Needing serious advice on what to add to my Math major.

In summary, the conversation discusses a math major's interest in pursuing a second degree to increase their chances of getting into a graduate engineering program. They are considering adding a degree in chemistry or physics, and are seeking advice on which would be more practical and useful for their goals. The conversation also touches on the importance of chemistry in material engineering and the focus of physics on understanding the universe. The suggestion is made to take physical chemistry courses to best prepare for graduate studies.
  • #1
ryanj123
24
0
In need of some serious advising.

I'm a math major at the UI-Chicago. I have been trying to decide what I could add as a second degree to help improve my chances of getting into a decent graduate engineering program. You say it depends on the field? I figured. The thing is, I'm interested in these fields of engineering in order of importance: chemical, materials, and environmental. I'm sure adding a second degree in chem. would help but is it enough? Would physics be the more practical path while taking a few chem courses on the side?

Theoretically I want the second degree to be versatile enough to help me into engineering, or possibly other related geo-studies. Taking into account my math background many people may say physics, but truly I want whatever is going to give me the better edge. One thing I can say is that I have great interest in both (which makes this hard), pushing me to draw more logical conclusions on how far one will get me, over the other.

I'm in need of suggestions.
What's more practical? Is chemistry more useful in understanding the natural world, or would you say physics? What will help me get ahead of the curve when I apply to graduate studies? Major/minor/specific courses that one could suggest?

Also, how math intensive are the upper level chemistry courses? What would be a good few courses in mathematics to help prepare me for graduate engineering/physical sciences... questions questions questions.

I appreciate whatever anyone can offer.
 
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  • #2
Well, I don't know the other. But for material engineer, although there are different branches in material science, but all in all chemistry is the most important subject to the it (yes, there are some branches that are physics type. But in general it is not that helpful).
Physics? Well, unless you are really interested in the why, or sometimes the how things work in a particular way, otherwise physics is not really a good choice (that is to say, time efficient wise). Yes, it explains many things (yet many more things to explain!), for instance, the Pauli principle. I think it is like a given statement in chemistry, but it is in physics, QM to be specific, that the principle is fully explained.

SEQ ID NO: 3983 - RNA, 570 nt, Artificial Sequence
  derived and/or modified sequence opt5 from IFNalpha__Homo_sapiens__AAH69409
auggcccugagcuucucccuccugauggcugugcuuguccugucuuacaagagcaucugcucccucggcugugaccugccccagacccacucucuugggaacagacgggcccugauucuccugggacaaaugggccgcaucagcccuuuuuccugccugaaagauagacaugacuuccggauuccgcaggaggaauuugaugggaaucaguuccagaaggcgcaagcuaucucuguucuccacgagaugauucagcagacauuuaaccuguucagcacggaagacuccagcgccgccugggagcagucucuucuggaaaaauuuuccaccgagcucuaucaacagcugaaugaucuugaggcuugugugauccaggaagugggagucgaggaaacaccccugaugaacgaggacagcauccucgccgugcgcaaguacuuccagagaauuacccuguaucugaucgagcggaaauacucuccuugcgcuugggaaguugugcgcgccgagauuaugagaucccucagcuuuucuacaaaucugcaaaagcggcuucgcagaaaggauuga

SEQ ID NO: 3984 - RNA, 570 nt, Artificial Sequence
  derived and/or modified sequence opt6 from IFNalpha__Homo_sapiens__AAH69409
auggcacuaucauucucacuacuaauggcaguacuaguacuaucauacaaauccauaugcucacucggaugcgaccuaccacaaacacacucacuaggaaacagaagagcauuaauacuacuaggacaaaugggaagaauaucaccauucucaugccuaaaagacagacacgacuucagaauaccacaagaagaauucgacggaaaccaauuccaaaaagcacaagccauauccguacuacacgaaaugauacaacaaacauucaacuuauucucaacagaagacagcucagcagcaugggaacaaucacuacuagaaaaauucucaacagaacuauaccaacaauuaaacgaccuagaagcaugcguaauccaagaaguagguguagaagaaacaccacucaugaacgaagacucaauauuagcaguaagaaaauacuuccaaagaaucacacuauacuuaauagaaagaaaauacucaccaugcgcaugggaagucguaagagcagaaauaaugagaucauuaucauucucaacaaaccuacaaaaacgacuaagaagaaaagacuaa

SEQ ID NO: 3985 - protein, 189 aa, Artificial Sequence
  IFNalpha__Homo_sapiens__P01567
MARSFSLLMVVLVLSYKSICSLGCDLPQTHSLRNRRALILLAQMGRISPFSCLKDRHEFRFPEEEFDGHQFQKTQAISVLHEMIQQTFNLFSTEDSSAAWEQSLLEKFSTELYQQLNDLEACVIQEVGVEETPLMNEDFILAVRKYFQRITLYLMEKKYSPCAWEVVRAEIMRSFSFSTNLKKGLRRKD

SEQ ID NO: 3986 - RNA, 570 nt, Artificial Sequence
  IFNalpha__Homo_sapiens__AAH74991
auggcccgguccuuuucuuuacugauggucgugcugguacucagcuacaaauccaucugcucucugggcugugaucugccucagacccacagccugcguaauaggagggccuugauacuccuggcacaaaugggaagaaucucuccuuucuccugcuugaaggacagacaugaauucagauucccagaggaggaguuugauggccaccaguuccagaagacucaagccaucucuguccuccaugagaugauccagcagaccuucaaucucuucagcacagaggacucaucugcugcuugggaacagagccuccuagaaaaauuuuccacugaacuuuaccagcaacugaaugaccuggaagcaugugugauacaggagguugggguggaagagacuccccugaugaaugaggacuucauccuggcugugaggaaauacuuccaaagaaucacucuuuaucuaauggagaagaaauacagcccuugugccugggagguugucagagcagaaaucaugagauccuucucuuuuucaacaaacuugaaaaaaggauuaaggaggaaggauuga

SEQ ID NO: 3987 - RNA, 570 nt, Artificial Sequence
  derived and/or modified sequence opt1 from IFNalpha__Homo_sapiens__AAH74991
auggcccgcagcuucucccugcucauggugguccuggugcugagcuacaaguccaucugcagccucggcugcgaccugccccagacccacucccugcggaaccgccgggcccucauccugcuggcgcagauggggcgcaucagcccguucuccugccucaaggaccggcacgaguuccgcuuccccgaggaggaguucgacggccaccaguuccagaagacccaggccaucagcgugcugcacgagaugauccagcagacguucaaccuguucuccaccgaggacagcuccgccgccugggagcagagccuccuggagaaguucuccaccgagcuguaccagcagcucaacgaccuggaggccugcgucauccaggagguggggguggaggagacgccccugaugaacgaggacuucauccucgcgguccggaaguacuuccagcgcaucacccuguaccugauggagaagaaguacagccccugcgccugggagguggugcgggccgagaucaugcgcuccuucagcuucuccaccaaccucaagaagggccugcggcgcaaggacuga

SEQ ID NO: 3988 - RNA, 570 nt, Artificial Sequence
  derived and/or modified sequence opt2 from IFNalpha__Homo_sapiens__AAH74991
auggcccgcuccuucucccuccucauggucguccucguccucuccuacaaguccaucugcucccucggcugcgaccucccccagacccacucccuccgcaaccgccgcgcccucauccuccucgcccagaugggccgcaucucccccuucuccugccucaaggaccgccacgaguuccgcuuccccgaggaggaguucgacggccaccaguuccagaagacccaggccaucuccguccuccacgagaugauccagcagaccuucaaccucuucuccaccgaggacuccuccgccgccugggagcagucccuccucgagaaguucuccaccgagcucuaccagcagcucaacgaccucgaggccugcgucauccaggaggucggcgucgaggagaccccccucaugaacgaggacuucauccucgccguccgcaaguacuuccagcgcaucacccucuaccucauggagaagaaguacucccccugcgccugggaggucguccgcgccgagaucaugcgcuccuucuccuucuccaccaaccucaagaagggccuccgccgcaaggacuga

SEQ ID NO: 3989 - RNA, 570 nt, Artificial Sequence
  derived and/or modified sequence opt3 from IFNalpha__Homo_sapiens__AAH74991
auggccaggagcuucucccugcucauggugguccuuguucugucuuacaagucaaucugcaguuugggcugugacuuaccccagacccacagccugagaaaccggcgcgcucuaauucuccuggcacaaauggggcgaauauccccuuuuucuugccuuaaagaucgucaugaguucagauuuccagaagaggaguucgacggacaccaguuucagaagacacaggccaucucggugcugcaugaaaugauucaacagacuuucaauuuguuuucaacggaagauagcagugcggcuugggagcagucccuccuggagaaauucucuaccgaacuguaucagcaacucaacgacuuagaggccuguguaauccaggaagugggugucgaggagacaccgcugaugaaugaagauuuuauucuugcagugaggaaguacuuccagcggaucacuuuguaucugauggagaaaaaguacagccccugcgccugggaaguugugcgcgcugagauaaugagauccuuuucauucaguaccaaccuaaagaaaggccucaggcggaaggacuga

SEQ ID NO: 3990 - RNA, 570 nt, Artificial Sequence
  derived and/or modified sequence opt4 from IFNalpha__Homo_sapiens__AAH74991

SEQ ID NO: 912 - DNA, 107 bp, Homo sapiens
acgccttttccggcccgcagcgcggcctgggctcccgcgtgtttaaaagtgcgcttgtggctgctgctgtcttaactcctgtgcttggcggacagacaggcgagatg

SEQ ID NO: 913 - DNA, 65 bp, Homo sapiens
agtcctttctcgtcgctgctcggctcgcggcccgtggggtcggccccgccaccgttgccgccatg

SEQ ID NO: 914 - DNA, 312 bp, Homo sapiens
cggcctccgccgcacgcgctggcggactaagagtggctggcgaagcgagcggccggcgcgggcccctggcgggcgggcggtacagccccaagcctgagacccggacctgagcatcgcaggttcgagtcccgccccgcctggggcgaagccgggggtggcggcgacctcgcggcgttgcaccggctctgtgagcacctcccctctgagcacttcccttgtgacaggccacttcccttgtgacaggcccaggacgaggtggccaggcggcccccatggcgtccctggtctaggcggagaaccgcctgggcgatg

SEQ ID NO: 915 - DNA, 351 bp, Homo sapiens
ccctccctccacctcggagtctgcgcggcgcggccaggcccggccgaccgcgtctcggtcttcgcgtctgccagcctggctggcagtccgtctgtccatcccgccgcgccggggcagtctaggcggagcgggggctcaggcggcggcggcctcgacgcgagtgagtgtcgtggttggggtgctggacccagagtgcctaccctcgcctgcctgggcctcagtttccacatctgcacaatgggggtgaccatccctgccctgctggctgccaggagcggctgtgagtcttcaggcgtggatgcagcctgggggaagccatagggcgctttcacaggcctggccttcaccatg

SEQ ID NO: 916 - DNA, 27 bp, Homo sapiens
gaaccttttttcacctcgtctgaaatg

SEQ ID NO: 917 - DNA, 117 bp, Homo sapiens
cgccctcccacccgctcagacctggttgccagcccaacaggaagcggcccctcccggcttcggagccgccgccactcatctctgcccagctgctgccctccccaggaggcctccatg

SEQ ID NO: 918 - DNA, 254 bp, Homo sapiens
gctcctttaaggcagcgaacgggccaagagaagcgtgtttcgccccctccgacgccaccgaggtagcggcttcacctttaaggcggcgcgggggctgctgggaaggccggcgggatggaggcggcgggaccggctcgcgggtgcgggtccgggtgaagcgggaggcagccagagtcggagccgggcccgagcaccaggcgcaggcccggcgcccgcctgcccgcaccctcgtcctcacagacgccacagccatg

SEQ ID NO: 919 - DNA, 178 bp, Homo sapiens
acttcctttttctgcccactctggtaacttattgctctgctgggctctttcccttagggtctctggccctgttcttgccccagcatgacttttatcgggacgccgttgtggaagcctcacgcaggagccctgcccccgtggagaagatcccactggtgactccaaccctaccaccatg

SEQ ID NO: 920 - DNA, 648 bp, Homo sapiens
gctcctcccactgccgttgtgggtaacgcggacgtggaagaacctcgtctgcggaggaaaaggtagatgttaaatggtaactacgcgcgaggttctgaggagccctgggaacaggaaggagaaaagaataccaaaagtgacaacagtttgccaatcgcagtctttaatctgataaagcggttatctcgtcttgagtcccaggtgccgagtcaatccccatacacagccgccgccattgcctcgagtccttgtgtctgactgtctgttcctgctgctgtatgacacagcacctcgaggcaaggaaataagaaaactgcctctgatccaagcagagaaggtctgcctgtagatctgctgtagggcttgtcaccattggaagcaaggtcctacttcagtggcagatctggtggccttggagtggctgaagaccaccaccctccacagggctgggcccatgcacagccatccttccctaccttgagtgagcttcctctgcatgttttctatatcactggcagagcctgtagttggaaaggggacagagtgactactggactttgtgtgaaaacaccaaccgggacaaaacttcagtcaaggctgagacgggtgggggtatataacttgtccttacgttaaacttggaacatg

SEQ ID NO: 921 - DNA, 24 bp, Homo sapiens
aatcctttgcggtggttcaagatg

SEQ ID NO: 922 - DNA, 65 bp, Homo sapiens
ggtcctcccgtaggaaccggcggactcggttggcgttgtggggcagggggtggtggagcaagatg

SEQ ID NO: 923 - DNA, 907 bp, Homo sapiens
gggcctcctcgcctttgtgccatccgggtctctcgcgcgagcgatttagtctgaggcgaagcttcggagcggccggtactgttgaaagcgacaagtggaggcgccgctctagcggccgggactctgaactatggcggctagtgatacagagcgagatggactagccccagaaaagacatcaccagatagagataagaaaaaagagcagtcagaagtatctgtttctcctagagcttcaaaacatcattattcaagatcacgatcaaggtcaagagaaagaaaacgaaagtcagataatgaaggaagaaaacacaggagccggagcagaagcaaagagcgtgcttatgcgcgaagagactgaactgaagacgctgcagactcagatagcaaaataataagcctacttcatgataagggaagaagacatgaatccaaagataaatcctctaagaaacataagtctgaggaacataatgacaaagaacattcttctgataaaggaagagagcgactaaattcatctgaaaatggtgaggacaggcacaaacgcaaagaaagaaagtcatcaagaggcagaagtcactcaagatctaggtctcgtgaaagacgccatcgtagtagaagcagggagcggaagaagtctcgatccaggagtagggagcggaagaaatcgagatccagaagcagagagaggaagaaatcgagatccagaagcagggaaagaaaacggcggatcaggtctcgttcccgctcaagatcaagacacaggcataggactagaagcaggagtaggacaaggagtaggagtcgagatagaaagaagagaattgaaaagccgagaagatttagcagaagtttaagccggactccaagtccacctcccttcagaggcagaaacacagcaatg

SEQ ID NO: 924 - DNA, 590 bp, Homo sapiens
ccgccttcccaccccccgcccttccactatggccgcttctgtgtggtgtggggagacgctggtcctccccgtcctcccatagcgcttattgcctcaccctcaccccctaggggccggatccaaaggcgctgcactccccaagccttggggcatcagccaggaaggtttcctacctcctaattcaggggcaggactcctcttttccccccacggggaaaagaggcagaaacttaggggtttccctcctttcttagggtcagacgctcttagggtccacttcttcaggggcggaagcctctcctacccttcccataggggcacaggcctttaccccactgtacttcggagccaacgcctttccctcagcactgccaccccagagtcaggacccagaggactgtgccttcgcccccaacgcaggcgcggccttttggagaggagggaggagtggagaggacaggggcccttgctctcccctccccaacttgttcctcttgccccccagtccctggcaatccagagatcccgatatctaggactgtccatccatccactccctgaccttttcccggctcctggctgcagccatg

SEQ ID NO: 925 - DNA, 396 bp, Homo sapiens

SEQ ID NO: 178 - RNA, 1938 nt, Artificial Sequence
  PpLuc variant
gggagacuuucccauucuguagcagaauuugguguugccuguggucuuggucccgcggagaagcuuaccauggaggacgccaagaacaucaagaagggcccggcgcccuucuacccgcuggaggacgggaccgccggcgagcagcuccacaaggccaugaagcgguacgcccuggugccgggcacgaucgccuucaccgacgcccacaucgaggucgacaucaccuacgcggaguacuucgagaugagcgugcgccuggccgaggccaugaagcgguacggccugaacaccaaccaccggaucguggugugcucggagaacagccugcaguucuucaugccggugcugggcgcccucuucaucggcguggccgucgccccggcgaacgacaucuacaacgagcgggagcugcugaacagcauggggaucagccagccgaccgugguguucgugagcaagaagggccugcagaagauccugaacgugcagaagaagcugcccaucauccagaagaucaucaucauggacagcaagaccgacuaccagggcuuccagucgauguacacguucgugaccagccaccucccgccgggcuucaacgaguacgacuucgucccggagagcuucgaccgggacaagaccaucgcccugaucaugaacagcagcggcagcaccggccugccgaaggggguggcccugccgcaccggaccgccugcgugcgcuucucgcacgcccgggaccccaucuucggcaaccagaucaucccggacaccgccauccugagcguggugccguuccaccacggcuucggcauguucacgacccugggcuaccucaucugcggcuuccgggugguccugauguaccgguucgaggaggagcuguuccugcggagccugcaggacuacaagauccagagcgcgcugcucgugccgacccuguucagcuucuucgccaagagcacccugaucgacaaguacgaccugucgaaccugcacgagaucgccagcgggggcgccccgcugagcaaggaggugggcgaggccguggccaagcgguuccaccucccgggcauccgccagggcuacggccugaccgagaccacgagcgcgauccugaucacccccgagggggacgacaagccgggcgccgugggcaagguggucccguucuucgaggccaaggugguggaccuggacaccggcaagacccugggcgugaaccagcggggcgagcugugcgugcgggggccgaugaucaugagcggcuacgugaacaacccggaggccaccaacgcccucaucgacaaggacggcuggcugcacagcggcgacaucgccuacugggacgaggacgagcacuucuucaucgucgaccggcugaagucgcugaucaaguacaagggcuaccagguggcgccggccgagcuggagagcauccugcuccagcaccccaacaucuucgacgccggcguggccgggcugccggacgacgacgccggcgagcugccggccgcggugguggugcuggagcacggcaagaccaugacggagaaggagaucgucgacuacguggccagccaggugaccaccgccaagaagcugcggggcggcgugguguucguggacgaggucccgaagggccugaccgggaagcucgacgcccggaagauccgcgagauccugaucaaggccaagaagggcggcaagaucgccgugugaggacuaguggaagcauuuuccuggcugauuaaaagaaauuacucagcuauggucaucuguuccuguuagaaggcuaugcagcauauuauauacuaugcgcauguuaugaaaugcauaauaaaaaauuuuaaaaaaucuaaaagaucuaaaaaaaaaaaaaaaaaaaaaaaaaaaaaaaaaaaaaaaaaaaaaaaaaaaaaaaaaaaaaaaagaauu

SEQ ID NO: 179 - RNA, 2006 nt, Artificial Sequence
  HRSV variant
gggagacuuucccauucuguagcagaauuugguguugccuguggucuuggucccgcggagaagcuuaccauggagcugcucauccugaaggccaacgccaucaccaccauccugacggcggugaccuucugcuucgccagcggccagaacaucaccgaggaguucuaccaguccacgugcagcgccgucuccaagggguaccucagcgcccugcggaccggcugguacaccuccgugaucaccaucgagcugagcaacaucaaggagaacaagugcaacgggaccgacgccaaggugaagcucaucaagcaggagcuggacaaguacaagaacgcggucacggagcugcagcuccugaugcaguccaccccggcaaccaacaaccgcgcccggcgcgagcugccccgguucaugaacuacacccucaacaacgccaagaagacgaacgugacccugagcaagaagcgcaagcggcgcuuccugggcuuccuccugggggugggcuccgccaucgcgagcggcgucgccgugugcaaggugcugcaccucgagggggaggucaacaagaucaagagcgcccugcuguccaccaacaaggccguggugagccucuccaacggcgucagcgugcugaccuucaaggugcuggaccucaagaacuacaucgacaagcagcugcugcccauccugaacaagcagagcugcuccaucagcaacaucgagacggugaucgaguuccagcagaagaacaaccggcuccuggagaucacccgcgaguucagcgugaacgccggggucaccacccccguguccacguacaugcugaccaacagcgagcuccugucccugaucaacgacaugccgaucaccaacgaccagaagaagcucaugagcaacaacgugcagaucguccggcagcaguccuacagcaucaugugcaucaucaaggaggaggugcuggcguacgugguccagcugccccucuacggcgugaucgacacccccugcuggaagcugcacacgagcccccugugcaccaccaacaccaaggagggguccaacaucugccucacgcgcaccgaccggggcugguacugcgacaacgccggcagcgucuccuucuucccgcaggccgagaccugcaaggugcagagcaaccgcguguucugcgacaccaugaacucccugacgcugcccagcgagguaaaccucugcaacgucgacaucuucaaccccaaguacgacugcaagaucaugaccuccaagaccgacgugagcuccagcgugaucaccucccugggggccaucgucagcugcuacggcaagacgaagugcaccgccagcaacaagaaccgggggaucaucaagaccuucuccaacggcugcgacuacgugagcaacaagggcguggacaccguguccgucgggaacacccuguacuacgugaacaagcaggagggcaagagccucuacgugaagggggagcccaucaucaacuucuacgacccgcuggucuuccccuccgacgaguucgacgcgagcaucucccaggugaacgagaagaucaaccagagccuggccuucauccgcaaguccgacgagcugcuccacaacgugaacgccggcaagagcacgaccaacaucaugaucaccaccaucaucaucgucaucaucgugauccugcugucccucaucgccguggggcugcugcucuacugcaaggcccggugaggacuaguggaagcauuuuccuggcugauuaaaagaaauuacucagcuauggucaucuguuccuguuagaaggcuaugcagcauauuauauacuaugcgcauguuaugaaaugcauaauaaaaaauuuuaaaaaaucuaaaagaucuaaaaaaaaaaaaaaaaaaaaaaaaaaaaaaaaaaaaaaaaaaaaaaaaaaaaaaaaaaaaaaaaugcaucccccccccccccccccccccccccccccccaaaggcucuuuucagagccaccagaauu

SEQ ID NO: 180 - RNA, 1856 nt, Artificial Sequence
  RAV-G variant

However, personally I think that physics is focus more on understanding how, or why the universe work in this particular way. That is to say, and it is not quite the right focus for engineer, IMO.
 
  • #3
Aside from first year calc-based physics, most modern physics is not useful in terms of application. Your best bet, based on your interest, is taking a lot of physical chemistry courses.
 

1. What courses should I add to my math major?

Your choice of additional courses will depend on your career goals and interests. Some common courses to consider are statistics, computer science, economics, physics, and engineering. It's also helpful to take courses in a variety of math areas, such as analysis, algebra, and discrete math, to gain a well-rounded understanding of the subject.

2. How many courses should I add to my math major?

This also depends on your career goals and interests, as well as your school's requirements. It's important to not overload yourself with too many courses, as it can negatively impact your grades and overall experience. Consider talking to your academic advisor for personalized advice on how many courses to add.

3. Should I add a minor or double major in addition to my math major?

Adding a minor or double major can be a great way to supplement your math degree and make yourself more marketable to potential employers. However, it's important to consider the workload and time commitment, as well as how it aligns with your career goals. Talk to your academic advisor and do some research on potential minors or double majors to make an informed decision.

4. What skills will I gain from adding courses to my math major?

The skills you will gain will depend on the specific courses you add. However, some common skills that are developed through math courses include problem-solving, critical thinking, data analysis, and logical reasoning. These skills are highly valued in a variety of industries and can make you a competitive candidate for jobs.

5. How can I balance my course load with added courses to my math major?

Balance is key when adding courses to your math major. It's important to prioritize your workload and manage your time effectively. Consider creating a schedule or utilizing time management techniques to ensure you can handle the added workload. Additionally, don't be afraid to seek help from your professors or academic support services if needed.

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